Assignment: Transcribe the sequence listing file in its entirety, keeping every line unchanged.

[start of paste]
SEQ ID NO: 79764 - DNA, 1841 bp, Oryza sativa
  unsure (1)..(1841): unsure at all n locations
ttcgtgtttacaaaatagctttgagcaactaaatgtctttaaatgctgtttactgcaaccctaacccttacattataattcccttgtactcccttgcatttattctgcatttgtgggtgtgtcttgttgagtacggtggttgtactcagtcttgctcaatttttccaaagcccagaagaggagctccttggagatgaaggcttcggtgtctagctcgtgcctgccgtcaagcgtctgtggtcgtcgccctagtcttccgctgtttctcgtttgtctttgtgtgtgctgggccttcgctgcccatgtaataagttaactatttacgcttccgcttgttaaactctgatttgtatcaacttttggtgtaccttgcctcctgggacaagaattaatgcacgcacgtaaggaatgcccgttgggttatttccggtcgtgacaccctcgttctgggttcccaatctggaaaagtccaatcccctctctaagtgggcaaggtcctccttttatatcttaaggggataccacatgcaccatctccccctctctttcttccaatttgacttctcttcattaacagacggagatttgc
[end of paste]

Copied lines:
SEQ ID NO: 79764 - DNA, 1841 bp, Oryza sativa
  unsure (1)..(1841): unsure at all n locations
ttcgtgtttacaaaatagctttgagcaactaaatgtctttaaatgctgtttactgcaaccctaacccttacattataattcccttgtactcccttgcatttattctgcatttgtgggtgtgtcttgttgagtacggtggttgtactcagtcttgctcaatttttccaaagcccagaagaggagctccttggagatgaaggcttcggtgtctagctcgtgcctgccgtcaagcgtctgtggtcgtcgccctagtcttccgctgtttctcgtttgtctttgtgtgtgctgggccttcgctgcccatgtaataagttaactatttacgcttccgcttgttaaactctgatttgtatcaacttttggtgtaccttgcctcctgggacaagaattaatgcacgcacgtaaggaatgcccgttgggttatttccggtcgtgacaccctcgttctgggttcccaatctggaaaagtccaatcccctctctaagtgggcaaggtcctccttttatatcttaaggggataccacatgcaccatctccccctctctttcttccaatttgacttctcttcattaacagacggagatttgc